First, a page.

|Publication number||US1399769 A|
|Publication date||Dec 13, 1921|
|Filing date||Nov 24, 1917|
|Priority date||Nov 24, 1917|
|Publication number||US 1399769 A, US 1399769A, US-A-1399769, US1399769 A, US1399769A|
|Original Assignee||Westinghouse Electric & Mfg Co|
|Export Citation||BiBTeX, EndNote, RefMan|
|Referenced by (12), Classifications (8)|
|External Links: USPTO, USPTO Assignment, Espacenet|
APPLICATION FILED NOV. 24, 1917.
INVEN TOR. T
UNITED STATES PATENT OFFICE.
FRANCIS HODGKINSON, OF EDGEWOOD, PENNSYLVANIA, ASSIGNOR TO WESTING- HOUSE ELECTRIC & MANUFACTURING 00., A CORPORATION OF PENNSYL- VANIA.
Specification of Letters Patent.
Patented Dec. 13, 1921.
7 '0 aZZ whom it may concern:
Be it known that I, FRANCIS HODGKINSON a subject of the King of Great Britain and Ireland, and a resident of Edgewood, in the county of Allegheny and State of Pennsylvania, have made a new and useful Invention in Soldering-Strip, of which the following is a specification.
This invention relates to soldering, weld ing, or brazing strips, and has for an object to produce a strip which will facilitate the most desirable distribution of solder or brazing material in the finished article.
A further object is to produce a strip which is especially adapted to be employed in soldering, welding or brazing articles in which it is desirable to have an economic and uniform distribution of material.
A further object is to provide a solder strip which is composed of sections of relatively large cross-sections joined together by sections of relatively small cross-sections.
These and other objects are attained by means of the soldering strips embodying the features herein described and illustrated. I
In the drawings accompanying and forming a part hereof:
Figure 1 is a view of a section of a soldering strip embodying my invention.
Fig. 2 is a View of another embodiment of my invention.
Fig. 3 is a view of a third embodiment of my invention.
Fig. 4 is a view of an embodiment of my invention adapted for somewhat different. work than the other embodiments illustrated.
Soldering wire or strips as commonly employed are strips of metal of substantially uniform heat conductin sectional area throughout their length. y invention consists in notching the wire or strip in such a manner that it will quickly melt in two at the places of reduced cross-section, thereby segregating a definite amount of material to make the soldered, welded or brazed joint. The term soldering will hereinafter be employed as meaning any of the operations commonly designated as soldering, brazing, welding or sweating.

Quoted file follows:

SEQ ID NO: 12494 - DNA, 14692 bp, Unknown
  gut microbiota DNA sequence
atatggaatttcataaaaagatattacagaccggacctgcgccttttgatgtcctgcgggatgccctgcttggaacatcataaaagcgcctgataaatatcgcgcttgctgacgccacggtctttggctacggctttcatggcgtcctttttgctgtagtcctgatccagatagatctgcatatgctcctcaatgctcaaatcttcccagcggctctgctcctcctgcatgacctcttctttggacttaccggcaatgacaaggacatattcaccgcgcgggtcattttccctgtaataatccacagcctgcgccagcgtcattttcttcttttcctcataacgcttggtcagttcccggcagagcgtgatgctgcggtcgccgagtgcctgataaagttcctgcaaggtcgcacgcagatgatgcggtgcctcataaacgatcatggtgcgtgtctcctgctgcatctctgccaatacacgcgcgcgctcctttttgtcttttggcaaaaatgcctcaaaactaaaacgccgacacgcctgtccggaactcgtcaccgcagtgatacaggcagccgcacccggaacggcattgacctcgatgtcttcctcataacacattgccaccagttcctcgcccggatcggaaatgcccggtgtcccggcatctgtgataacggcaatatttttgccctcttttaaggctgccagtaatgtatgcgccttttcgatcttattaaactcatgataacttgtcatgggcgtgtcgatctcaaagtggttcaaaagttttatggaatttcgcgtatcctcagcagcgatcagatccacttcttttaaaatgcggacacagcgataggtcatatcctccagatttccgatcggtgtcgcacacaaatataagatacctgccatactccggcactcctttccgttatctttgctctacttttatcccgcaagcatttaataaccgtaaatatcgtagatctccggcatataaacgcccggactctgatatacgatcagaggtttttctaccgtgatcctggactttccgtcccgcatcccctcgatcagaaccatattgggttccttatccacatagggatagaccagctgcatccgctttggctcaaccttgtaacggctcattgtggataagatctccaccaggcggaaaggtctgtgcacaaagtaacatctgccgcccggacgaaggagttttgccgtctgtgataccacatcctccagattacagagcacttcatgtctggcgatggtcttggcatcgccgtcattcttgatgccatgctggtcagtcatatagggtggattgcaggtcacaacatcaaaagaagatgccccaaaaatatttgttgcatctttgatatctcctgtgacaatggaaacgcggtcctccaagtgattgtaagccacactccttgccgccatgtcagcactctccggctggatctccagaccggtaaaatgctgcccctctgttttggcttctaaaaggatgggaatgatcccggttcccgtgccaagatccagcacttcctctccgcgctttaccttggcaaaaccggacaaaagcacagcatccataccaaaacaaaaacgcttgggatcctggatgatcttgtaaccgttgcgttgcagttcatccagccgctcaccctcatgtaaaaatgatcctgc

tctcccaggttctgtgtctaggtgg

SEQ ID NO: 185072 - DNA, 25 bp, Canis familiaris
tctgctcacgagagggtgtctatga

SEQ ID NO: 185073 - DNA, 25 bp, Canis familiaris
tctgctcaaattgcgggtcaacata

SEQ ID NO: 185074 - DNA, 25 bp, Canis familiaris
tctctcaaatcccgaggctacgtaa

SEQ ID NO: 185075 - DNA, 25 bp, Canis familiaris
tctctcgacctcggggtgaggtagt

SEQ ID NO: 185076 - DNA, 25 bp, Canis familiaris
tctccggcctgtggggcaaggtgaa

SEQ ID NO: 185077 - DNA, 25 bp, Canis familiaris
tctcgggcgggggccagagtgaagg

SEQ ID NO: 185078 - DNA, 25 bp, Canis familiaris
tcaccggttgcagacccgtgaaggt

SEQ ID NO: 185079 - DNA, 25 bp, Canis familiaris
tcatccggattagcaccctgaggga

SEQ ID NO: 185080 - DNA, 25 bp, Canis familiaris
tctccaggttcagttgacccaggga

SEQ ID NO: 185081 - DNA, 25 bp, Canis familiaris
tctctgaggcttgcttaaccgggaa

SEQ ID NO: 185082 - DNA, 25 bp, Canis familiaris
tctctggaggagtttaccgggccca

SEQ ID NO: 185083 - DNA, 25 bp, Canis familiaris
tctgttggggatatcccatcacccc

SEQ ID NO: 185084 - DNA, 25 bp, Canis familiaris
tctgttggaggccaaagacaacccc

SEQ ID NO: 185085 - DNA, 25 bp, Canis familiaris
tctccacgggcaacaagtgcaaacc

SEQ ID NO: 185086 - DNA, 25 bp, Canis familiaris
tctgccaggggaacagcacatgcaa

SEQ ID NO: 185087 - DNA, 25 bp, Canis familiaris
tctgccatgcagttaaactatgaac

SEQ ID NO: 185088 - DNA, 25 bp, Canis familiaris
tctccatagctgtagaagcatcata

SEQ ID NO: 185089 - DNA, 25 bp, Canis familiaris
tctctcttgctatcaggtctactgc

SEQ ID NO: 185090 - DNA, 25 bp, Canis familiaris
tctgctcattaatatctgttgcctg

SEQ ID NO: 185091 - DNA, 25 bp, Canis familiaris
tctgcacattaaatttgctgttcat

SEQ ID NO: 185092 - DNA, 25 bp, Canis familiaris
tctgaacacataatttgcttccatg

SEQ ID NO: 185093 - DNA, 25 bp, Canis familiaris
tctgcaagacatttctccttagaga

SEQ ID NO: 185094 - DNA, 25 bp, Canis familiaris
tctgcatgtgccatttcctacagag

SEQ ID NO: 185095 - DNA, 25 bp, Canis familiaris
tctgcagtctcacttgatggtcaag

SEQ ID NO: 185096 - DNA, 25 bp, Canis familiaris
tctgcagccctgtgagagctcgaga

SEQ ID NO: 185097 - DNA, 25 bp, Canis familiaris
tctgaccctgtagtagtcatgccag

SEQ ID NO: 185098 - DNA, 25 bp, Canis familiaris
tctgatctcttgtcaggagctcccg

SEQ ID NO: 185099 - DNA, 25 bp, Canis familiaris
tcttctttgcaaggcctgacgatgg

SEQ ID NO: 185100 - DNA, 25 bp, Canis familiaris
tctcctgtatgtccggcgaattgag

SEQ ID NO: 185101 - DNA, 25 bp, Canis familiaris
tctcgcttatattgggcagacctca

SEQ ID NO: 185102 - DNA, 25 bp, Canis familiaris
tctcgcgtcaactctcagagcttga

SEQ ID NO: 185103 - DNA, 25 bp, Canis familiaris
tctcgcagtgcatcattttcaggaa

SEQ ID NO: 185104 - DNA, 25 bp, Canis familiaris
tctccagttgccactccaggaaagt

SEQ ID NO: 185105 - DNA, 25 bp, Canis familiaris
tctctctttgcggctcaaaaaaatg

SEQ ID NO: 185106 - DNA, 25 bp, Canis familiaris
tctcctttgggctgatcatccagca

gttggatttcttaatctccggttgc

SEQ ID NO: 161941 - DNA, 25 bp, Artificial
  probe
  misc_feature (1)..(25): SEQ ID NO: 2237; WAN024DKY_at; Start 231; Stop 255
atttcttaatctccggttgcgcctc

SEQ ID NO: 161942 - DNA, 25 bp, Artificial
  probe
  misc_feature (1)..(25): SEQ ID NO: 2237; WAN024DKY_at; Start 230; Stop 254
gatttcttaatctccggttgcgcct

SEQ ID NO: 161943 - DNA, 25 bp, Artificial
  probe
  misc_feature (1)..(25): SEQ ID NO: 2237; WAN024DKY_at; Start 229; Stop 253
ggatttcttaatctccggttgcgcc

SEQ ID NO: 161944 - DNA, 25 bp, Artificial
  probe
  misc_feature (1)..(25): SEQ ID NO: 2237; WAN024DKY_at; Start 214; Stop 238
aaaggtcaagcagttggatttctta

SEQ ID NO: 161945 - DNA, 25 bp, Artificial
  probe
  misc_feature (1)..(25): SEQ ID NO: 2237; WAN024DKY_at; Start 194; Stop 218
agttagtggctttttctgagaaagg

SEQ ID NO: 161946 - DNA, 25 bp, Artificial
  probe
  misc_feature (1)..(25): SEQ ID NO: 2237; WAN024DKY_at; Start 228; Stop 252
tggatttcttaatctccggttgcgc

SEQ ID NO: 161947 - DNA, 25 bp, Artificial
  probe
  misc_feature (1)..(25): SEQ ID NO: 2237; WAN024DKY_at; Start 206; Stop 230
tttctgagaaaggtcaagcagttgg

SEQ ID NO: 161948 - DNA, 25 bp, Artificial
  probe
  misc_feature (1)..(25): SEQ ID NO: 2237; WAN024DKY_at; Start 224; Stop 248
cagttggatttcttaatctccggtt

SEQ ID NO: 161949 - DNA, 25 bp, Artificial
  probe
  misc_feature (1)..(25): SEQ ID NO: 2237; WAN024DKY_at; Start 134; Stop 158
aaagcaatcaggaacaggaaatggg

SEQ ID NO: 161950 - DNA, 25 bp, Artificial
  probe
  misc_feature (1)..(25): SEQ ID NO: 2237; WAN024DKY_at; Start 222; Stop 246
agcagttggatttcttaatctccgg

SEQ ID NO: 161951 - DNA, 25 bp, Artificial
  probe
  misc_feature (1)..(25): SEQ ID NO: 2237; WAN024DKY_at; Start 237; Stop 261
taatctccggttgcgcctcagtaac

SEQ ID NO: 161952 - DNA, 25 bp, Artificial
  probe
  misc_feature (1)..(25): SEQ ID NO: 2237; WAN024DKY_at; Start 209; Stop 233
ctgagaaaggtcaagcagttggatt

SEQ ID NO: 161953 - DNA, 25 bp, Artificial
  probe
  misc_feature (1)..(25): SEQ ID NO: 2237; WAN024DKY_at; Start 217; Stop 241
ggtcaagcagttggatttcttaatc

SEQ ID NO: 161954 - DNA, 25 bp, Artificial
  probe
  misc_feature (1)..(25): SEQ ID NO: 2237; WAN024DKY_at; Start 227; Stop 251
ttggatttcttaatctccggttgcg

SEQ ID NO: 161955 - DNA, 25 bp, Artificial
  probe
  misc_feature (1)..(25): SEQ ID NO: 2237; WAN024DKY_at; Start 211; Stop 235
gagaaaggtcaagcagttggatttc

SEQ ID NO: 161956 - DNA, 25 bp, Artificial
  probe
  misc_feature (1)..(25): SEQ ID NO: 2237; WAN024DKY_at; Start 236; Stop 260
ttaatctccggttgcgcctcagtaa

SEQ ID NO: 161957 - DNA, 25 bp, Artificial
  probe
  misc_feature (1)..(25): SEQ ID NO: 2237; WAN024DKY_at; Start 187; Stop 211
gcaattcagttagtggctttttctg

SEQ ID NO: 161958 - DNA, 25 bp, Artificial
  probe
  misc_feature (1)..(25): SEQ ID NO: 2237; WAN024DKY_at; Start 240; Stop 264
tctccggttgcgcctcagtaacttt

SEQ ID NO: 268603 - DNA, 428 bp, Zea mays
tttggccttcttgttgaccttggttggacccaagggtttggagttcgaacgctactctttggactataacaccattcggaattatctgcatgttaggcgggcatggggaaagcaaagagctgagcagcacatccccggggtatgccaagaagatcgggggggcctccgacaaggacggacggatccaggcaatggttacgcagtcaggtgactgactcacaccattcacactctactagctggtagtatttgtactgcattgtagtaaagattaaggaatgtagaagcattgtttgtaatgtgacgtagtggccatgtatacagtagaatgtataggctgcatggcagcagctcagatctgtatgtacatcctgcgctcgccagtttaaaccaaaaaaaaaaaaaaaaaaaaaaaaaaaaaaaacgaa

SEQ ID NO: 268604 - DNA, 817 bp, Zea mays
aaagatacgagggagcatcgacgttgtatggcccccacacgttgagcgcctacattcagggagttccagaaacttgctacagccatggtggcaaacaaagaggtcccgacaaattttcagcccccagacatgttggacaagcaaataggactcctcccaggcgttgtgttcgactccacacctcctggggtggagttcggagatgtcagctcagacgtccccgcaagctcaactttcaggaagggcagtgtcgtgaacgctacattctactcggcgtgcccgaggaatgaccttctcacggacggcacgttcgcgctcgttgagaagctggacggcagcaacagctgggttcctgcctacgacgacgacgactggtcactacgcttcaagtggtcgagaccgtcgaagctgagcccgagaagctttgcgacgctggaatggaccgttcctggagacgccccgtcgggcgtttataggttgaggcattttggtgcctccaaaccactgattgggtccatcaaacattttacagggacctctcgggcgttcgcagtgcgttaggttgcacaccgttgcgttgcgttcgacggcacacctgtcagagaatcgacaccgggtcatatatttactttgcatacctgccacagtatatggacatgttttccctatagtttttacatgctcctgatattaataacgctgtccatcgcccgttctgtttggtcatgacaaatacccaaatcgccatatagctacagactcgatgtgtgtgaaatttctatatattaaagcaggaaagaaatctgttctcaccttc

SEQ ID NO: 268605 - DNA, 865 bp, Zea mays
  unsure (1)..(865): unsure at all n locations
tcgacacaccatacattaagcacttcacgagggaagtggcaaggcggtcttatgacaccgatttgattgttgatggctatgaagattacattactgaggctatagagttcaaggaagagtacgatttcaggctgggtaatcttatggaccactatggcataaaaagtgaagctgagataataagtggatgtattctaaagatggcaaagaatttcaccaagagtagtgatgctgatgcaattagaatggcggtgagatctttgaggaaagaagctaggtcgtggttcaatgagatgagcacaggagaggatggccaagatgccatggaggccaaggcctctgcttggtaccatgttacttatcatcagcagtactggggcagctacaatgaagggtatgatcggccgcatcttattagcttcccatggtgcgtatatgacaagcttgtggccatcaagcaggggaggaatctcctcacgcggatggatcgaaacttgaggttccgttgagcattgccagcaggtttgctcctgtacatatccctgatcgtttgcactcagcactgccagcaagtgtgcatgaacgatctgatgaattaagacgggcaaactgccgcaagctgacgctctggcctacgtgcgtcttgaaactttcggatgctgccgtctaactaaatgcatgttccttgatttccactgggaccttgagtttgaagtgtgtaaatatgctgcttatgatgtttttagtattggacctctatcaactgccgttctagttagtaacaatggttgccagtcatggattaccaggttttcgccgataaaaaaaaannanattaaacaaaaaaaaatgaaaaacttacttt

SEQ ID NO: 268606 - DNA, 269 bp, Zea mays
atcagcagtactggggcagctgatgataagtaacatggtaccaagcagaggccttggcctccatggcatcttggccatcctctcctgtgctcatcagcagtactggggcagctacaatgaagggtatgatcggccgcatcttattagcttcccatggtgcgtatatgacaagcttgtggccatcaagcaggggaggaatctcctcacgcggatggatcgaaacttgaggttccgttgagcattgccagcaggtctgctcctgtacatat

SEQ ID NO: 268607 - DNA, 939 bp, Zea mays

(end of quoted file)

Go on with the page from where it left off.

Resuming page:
My invention may advantageously be employed in connection with the soldering of turbine blades. For this work the strip is preferably notched at regular intervals so as to leave sufiicient material between each two notches to solder one joint, such as the 'oint between a blade and the blade lashing.
y invention not only promotes economy in the amount of solderin material used, but also insures a uniform distribution of soldering material, and therefore a uniform distribution of weight. The distribution of weight is of special importance in blades on rotating elements.
For some kinds of work, where adjacent joints are of unequal size, the soldering strip may be so notched as to leave proportionally varying amounts of materlal between the notches.
In Fig. 1, I have shown a soldering wire or strip which has a series of notches 5 cut or formed in it on one side, so as to leave the other side 6 of the wire smooth. Between each two notches 5 is a section 7 of a certain definite mass which is just suflicient to properly solder a. joint upon which it is to be used. As will be seen, each of the sections 7 are of the same size, and will be quickly detached from the rest of the strip by the melting away of the thin section at the bottom of the notches 5.